+---------------------------------+ +-------------------+
    | | Ethernet | |
    Phone_Line -- Dialup_Modem---PC#1---EthernetCard <-------> EthernetCard---PC#2 |
    | | Cable | |
    +---------------------------------+ +-------------------+
    <dialup_address> 192.168.0.1 192.168.0.2

    By enabling Internet Connection Sharing (ICS), that makes it possible to have
    two networking interfaces on a computer. In your case, the dialup is one
    interface,
    and the new Gigabit Ethernet card will be the other one. The private IP
    addresses 192.168.0.1 and 192.168.0.2 are not routable, and don't show up on
    the Internet. You can surf from either computer, and the outside world only
    sees one IP address in use, and that is the <dialup_address> assigned by the
    modem pool at the other end of the phone line. You should also be able to
    hang up the dialup connection, and still transfer files between the two
    computers (I hope).

    http://support.microsoft.com/kb/314066/en-us

    I tested a similar configuration, using Win2K as my OS, and the best transfer
    rate I could get (using artificial test conditions) was 40MB/sec. WinXP
    networking
    should be able to do better than that, but you'll have to do your own research
    on the web, to get some benchmarks. Using Windows File Sharing, may not be the
    fastest way to transfer files, and I was using FTP protocol for my testing.

    In any case, two $11 cards and a cheap cable, is a pretty low cost experiment.
    With any luck, it will transfer files as fast as your single target disk
    can manage.

    Firewire 400 and Firewire 800 can be used for networking. In terms of
    transfer rates,
    the theoretical limit would be 50MB/sec and 100MB/sec respectively. The Gigabit
    Ethernet can do 125MB/sec in theory (minus packet overheads and
    interpacket gap).
    You can network with USB, by using a USB2 PCLinq cable (there is a silicon chip
    in the middle of the cable, that isolates the two computers). But the transfer
    rate on that should not be very fast, and will be not even close to the other
    numbers already mentioned. USB2 is 480Mbits/sec, which is 60MB/sec theoretical,
    57MB/sec considering overhead, and a lot less when software intervention
    is needed
    to transfer files via PCLinq.

    Considering the price of some of these technologies, you could practically
    afford
    to try them all out :)

    Paul
     
    Paul, Jun 8, 2006
    #9
  10. Doc

    kony Guest

    On Thu, 08 Jun 2006 12:47:10 GMT, (GregS)
    wrote:

    >In article <n5Phg.3036$>, "Doc" <> wrote:
    >>
    >>"jakdedert" <> wrote in message
    >>news:RDOhg.2707$y%...
    >>
    >>> You need ethernet. Even just an old 10 meg card in both machines with a
    >>> crossover cable will be faster than USB; and most cards today are
    >>> 100megs...less than $10 some places.

    >>
    >>I'm not real familiar with ethernet, other than having seen the jack on the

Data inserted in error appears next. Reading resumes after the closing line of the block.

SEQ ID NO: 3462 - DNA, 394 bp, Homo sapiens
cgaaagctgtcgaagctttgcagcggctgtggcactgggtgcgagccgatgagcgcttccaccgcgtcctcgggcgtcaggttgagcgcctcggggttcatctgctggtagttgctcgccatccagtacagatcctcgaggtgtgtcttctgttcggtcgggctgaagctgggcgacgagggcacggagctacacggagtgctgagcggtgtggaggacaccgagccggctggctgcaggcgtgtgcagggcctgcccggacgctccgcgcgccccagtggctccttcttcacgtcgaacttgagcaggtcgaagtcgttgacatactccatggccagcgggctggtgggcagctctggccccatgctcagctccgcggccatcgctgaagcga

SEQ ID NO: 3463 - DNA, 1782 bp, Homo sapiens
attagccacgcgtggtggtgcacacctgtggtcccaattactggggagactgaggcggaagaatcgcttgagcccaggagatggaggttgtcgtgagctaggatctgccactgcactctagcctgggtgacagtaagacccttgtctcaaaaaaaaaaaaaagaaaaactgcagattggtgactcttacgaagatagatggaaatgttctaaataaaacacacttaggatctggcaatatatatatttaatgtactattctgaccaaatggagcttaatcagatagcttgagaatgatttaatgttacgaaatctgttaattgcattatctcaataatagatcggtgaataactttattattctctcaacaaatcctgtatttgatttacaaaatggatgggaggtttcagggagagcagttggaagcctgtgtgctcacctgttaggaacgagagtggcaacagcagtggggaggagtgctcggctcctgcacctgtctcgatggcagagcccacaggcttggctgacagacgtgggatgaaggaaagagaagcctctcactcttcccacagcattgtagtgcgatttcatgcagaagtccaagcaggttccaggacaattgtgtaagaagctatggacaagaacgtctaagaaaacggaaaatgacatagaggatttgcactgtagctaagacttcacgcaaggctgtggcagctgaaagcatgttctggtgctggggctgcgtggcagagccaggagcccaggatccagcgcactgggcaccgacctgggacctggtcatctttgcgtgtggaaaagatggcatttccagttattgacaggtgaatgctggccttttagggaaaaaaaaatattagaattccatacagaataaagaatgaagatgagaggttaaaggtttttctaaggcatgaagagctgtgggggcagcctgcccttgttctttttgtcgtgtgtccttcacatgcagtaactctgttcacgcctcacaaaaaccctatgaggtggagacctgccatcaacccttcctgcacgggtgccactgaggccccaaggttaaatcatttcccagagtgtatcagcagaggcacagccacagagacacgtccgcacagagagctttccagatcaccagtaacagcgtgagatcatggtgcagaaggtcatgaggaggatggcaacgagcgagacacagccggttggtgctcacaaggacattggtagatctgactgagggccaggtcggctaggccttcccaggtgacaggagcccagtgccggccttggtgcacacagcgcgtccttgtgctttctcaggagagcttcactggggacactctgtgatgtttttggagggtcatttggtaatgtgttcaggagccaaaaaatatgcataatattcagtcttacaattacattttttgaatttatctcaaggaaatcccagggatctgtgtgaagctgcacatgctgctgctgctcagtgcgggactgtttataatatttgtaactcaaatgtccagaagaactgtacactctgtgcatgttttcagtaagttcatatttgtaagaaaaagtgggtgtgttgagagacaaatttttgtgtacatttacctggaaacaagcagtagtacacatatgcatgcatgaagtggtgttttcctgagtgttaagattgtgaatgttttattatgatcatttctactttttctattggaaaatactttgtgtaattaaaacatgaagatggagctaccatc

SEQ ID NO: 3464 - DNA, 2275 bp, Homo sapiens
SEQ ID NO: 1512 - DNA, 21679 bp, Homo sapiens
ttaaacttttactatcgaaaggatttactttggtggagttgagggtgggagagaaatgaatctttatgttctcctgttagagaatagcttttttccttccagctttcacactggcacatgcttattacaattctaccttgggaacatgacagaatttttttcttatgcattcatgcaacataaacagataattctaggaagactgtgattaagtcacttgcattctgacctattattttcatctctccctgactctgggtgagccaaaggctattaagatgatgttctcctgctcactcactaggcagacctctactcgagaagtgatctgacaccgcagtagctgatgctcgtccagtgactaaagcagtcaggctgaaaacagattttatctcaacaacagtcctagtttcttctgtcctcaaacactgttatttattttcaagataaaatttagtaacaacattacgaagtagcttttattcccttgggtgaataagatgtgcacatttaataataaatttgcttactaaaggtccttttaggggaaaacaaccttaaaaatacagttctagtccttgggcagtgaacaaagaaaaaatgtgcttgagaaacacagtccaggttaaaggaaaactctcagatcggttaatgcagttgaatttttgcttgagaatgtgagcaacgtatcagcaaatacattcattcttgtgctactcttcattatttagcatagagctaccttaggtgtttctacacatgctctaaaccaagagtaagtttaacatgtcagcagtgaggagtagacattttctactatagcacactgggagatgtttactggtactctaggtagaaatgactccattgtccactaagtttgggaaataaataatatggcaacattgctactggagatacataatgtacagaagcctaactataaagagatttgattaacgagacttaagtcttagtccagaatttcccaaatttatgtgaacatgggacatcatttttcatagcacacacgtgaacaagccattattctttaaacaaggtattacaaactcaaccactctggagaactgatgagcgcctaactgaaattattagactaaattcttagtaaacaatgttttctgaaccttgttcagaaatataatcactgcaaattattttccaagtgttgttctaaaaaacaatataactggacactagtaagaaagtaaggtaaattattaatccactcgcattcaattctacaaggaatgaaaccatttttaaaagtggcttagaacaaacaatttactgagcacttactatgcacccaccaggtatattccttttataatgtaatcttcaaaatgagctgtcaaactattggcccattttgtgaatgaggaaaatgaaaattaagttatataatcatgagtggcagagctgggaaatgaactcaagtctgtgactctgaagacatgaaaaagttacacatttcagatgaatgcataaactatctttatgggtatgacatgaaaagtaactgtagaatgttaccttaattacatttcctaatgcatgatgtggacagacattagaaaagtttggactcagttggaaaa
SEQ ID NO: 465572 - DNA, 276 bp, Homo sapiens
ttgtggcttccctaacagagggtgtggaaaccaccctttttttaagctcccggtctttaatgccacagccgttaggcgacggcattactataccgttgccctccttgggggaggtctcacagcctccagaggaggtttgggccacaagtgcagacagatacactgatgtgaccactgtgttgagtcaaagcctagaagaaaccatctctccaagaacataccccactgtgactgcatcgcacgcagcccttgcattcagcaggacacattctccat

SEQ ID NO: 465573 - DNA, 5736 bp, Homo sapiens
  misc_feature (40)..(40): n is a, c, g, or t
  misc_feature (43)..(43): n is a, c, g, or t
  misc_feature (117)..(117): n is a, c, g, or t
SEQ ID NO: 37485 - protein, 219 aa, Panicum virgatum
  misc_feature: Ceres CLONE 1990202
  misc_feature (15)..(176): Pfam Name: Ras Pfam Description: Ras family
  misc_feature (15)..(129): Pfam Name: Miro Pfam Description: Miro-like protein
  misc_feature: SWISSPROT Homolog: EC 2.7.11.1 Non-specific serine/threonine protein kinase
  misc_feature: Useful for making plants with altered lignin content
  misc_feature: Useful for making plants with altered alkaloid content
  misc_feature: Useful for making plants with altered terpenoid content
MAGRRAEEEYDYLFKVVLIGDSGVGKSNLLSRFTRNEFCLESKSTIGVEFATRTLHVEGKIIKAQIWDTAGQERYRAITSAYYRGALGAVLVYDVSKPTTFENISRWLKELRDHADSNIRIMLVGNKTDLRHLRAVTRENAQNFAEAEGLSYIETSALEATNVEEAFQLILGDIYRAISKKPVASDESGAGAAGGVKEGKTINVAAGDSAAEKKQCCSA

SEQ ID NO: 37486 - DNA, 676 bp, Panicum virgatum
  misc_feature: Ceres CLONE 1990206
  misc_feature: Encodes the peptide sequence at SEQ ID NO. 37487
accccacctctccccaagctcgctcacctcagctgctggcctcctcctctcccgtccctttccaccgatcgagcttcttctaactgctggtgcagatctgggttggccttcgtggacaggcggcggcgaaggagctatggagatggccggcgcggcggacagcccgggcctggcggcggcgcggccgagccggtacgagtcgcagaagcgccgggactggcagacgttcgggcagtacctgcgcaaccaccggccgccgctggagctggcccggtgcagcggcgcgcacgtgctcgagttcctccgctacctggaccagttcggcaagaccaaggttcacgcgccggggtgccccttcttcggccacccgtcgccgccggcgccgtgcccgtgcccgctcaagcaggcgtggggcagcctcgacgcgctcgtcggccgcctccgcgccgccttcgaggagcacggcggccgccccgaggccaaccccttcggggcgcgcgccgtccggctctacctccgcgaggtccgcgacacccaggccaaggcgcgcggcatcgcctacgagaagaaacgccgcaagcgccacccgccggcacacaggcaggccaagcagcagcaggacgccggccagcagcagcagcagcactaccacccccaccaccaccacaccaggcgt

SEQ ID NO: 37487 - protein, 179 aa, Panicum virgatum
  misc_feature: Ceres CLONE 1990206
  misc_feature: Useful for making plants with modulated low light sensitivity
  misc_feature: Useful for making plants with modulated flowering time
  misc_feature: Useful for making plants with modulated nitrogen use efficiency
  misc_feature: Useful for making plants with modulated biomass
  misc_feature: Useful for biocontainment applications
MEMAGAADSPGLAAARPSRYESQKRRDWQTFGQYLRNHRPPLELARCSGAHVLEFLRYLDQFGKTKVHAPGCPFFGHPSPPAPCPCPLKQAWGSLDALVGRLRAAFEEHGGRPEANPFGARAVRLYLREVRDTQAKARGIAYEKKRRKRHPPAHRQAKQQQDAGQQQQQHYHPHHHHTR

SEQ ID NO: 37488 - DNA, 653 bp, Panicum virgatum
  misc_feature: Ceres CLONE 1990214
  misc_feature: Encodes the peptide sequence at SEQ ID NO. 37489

>>back - looks like a phone jack, correct? What does the meg size indicate? If
    >>both machines have built-in ethernet connections, should that work okay? Is
    >>there more to it than simply plugging in the cable?
    >>
    >>And Ethernet is faster than USB 2.0 or Firewire?

    >
    >Not sure about which is faster. 10mb is pretty fast and 100 mb should
    >suit most any needs.



    Definitely not.

    Editing audio, video, or burning DVDs is FAR too bandwidth
    intensive for 10Mb. Typically 100Mb realized throughput is
    optimally around 9MB/s, also very slow for DVD or video
    editing, but perhaps enough IF the audio is compressed
    already.

    The best option is to buy two Gigabit ethernet cards and a
    plain (crossover not necessary with GbE) cable. Even the
    cheapest ~ $12 each cards can be expected to perform up to
    the PCI bus and HDD performance limits, over 35MB/s which is
    still a bit on the low side for video editing in many cases
    but if the data has to be transferred, this is probably the
    best long term solution without a lot of cost or effort.
     
    kony, Jun 9, 2006
    #10
  11. Doc

    Doc Guest

    "kony" <> wrote in message
    news:...

    > Definitely not.
    >
    > Editing audio, video, or burning DVDs is FAR too bandwidth
    > intensive for 10Mb. Typically 100Mb realized throughput is
    > optimally around 9MB/s, also very slow for DVD or video
    > editing, but perhaps enough IF the audio is compressed
    > already.


    Thought I'd clarify something. I'm primarily looking to transfer audio files
    from one machine that's being used to record/mix audio to the machine that's
    being used for video editing. Wouldn't have to be lightning fast since the
    file sizes won't be that huge, maybe a hundred megs or less.
     
    Doc, Jun 9, 2006
    #11
  12. Doc

    Ken Maltby Guest

    "Doc" <> wrote in message
    news:9X7ig.3547$...
    >
    > "kony" <> wrote in message
    > news:...
    >
    >> Definitely not.
    >>
    >> Editing audio, video, or burning DVDs is FAR too bandwidth
    >> intensive for 10Mb. Typically 100Mb realized throughput is
    >> optimally around 9MB/s, also very slow for DVD or video
    >> editing, but perhaps enough IF the audio is compressed
    >> already.

    >
    > Thought I'd clarify something. I'm primarily looking to transfer audio
    > files
    > from one machine that's being used to record/mix audio to the machine
    > that's
    > being used for video editing. Wouldn't have to be lightning fast since the
    > file sizes won't be that huge, maybe a hundred megs or less.
    >
    >


    Doc;

    You could be right that for the purpose you mention, you won't
    need it very fast; but once you have used a faster interface you